Some women whose health, pregnancy or family history put them at a higher risk will also have this test early in their pregnancy.  

The OGTT is a blood test ordered by your GP, obstetrician, or antenatal clinic. This is considered a ‘universal test’, which means all pregnant women should have this test. 

What happens if my blood glucose levels stay too high in pregnancy?

If high blood glucose levels (BGLs) are not treated you and your baby may experience a number of problems.  Women with sub-optimal BGLs are at much higher risk of developing type 2 diabetes mellitus after pregnancy. This risk increases when women are not supported to follow a healthy lifestyle during and after pregnancy. This risk is exacerbated by postpartum weight retention in the longer term.

A woman with GDM can have a baby that has an unhealthy growth pattern before it is born.  Glucose crosses the placenta into your baby’s bloodstream. If your BGLs are high, your baby will receive high amounts of glucose.  A baby’s insulin still works well meaning, even in utero, it is able to store this extra glucose and will grow faster and fatter.

This means the growing baby can be at risk of:

  • being a very large baby
  • being born early
  • being distressed during birth, and/or
  • having low blood glucose levels at birth.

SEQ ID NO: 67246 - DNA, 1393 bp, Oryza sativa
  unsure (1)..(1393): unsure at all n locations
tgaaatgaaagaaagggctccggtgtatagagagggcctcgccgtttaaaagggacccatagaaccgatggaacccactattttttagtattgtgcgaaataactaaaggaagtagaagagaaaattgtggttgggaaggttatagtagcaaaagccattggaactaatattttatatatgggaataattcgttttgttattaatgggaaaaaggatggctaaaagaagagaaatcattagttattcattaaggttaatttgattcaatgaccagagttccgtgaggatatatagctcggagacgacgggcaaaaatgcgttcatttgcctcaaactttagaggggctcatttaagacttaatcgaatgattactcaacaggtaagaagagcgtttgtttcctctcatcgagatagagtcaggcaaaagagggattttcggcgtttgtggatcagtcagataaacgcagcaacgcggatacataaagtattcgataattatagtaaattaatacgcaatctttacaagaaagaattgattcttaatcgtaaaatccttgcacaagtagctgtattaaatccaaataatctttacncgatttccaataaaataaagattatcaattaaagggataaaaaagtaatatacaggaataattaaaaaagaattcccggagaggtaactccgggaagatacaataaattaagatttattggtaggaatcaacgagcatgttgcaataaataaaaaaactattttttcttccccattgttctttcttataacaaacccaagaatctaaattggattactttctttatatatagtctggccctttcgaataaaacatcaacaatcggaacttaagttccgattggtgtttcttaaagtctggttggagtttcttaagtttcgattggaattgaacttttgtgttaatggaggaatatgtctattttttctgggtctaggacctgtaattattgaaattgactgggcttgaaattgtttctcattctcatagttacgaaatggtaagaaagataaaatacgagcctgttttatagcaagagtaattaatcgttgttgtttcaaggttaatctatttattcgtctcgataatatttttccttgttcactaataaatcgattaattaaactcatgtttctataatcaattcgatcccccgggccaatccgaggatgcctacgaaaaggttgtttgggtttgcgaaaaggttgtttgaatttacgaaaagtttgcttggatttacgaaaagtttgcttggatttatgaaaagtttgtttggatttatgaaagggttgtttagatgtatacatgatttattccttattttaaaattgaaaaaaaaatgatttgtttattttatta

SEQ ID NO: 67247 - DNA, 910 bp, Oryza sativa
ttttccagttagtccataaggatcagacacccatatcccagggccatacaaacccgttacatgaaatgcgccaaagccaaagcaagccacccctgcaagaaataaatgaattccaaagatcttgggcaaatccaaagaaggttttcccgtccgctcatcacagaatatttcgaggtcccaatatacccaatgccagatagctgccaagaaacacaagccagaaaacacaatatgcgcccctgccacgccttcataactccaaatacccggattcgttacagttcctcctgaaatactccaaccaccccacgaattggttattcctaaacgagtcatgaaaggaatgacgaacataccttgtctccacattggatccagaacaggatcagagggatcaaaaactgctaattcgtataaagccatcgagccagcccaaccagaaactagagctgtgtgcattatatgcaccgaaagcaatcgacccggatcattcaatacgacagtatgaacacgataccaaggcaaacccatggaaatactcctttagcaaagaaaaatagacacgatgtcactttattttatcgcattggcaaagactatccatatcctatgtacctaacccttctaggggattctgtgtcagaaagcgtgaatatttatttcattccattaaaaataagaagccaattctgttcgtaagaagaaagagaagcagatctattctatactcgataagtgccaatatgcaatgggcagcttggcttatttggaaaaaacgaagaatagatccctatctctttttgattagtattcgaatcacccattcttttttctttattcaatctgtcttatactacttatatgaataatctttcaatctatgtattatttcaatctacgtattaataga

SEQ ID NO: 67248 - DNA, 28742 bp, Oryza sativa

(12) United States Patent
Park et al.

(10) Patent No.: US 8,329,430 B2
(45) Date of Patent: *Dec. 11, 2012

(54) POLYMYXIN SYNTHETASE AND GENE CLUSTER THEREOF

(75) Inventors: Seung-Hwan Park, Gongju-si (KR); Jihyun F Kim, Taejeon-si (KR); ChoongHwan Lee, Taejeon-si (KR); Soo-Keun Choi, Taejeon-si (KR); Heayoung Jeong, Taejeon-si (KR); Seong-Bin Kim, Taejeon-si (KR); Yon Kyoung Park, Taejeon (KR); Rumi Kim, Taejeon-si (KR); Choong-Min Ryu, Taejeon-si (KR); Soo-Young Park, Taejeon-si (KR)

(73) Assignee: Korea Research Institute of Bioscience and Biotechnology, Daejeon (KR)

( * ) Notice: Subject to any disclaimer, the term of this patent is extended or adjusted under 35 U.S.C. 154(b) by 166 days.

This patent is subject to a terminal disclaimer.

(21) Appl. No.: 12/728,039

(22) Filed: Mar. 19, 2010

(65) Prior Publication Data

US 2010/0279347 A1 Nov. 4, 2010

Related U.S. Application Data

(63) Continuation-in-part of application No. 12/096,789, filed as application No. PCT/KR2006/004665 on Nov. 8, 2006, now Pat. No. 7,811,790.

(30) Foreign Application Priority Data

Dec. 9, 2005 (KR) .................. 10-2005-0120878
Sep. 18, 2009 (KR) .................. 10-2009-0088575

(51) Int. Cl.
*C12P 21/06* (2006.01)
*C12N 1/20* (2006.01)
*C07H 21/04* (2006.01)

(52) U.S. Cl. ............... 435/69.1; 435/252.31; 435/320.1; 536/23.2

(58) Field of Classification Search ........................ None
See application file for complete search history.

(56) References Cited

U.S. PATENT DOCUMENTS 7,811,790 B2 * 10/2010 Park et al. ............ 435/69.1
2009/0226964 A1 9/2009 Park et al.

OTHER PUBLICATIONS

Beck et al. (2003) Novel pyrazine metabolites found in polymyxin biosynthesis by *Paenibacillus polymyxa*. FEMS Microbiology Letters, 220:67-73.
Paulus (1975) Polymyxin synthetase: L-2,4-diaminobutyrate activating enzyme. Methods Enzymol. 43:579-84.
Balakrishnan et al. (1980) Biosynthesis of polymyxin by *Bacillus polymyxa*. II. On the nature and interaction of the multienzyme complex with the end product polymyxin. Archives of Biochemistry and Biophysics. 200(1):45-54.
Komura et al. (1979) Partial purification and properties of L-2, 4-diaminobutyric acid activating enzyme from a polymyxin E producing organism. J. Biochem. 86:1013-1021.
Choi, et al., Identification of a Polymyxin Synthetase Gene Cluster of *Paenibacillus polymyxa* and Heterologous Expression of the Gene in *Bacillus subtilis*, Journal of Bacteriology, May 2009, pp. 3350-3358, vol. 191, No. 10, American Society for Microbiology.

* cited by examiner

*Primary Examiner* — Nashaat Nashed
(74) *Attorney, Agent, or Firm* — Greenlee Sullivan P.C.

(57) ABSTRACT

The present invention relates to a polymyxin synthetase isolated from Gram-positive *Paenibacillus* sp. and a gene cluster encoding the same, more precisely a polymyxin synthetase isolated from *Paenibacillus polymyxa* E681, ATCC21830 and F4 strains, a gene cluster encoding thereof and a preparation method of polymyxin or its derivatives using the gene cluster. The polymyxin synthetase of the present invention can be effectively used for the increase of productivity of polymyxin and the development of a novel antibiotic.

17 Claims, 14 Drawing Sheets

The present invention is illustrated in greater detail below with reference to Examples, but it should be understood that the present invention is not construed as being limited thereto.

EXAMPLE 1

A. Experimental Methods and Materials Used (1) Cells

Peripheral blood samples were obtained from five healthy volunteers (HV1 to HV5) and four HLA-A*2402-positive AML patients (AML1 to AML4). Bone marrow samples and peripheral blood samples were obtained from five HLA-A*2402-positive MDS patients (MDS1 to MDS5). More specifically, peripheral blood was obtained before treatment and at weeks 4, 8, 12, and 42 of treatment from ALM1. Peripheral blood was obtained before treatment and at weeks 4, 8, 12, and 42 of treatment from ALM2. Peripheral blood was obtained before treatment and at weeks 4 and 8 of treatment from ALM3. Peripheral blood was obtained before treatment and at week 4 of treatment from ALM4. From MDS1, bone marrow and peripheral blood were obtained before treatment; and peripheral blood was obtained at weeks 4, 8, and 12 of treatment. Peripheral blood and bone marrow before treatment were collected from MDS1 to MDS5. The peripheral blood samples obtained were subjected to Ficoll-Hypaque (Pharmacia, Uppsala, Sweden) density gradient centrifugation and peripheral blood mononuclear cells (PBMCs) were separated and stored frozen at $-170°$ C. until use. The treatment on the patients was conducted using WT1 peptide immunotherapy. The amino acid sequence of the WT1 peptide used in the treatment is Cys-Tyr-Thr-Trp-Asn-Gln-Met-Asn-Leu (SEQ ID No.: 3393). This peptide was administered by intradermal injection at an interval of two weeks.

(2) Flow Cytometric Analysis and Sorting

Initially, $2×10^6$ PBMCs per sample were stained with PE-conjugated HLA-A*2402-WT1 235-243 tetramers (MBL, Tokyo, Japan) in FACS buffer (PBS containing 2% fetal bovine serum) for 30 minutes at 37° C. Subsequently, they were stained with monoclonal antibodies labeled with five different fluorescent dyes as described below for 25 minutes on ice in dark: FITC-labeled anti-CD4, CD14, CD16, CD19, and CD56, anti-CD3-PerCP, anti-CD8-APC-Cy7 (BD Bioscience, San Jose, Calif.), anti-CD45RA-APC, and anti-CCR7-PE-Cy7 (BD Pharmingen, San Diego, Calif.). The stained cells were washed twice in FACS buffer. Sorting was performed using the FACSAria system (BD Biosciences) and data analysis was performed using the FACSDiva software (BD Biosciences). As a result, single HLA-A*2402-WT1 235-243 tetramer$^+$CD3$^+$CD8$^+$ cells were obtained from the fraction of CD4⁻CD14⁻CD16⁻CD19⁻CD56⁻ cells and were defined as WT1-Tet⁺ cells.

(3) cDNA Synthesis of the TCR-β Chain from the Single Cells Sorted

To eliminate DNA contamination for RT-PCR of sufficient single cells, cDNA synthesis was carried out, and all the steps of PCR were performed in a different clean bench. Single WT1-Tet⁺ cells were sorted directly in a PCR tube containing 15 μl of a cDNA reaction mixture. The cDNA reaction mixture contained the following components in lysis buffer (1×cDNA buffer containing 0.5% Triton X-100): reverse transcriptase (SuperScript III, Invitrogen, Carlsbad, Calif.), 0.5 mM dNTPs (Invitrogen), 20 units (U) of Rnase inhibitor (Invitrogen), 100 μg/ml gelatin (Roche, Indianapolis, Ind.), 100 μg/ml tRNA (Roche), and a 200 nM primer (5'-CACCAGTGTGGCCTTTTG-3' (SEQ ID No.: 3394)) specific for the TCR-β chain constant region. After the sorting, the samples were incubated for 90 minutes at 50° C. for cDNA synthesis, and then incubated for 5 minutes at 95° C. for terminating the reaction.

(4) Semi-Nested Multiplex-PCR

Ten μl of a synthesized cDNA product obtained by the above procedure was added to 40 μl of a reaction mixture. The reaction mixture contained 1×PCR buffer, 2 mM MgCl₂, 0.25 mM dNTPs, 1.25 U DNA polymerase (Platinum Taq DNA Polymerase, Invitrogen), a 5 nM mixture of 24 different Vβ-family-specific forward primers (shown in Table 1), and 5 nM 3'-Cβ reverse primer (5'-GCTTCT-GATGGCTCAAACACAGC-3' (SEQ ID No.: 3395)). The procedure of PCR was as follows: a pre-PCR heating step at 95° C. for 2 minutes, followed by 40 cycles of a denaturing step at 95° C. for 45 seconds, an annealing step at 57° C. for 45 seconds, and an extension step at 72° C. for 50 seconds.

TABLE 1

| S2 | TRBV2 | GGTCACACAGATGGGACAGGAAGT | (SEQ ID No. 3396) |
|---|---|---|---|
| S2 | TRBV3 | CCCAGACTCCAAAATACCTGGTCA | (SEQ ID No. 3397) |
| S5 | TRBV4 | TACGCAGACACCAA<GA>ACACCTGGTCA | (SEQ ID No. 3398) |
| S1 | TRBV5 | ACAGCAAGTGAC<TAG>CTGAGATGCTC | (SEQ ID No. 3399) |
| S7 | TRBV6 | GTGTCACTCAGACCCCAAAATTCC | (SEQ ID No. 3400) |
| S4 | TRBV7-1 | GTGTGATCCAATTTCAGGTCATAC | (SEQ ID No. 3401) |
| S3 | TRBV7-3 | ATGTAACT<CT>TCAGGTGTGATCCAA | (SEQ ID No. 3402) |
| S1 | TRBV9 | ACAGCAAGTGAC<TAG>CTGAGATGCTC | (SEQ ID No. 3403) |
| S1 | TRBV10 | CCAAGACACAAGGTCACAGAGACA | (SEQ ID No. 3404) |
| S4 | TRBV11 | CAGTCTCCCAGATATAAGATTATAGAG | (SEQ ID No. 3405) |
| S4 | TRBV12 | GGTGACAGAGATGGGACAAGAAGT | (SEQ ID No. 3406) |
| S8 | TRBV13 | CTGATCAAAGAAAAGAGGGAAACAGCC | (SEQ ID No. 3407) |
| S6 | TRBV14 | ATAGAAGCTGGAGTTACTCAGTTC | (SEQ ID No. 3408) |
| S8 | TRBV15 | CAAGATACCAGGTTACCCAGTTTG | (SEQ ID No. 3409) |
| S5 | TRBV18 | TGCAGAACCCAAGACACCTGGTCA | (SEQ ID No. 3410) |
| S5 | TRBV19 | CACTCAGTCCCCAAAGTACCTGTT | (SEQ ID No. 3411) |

Babies born to mums who have had sub-optimal BGLs are also more likely to be overweight or obese into their adult lives, and have diabetes themselves.

What do I do if I have a high BGL reading?

If you have a high BGL it is important to work out why so you can minimise the chance of it happening again. Ask yourself the following questions to help work out why your level might be high.

Did you eat a larger meal than usual (e.g. eating out)?

Check your serve sizes against the portions list and sample meal plan provided by your dietitian.

Did you eat too much carbohydrate?

Take care with large serves of bread, pasta, noodles and rice – these can increase your BGLs.

Try to choose slow release (low GI) carbohydrate e.g. grain bread in place of white, high fibre cereal rather than low fibre and fresh fruit rather than juice. Make sure you choose ‘slow’ rather than ‘no’ carbs.

Did you wait long enough after eating before your BGL test?

Always wait for a full hour after starting to eat a meal before testing and delay snacks until after you test.

Were your hands clean?

Always wash your hands prior to testing, dirty hands can affect your BGL reading.

Have you been taking your diabetes medication as prescribed?

If you have been prescribed insulin or other medication to manage your gestational diabetes missing this medication will cause a high BGL reading.

Were you active after your meal?

Sitting down immediately after your meal can cause a higher BGL reading than if you do some activity such as a short walk or some housework.  Exercise can help to lower your BGL after a meal.

Do you need more help?

Our specialist maternal health-GDM dietitians are able to tailor a program to support you to adapt guideline recommendations to your lifestyle and preferences. If you need support, please make an appointment to help you achieve your goals. 




IMAGE CREDIT: Unsplash Rima Kruciene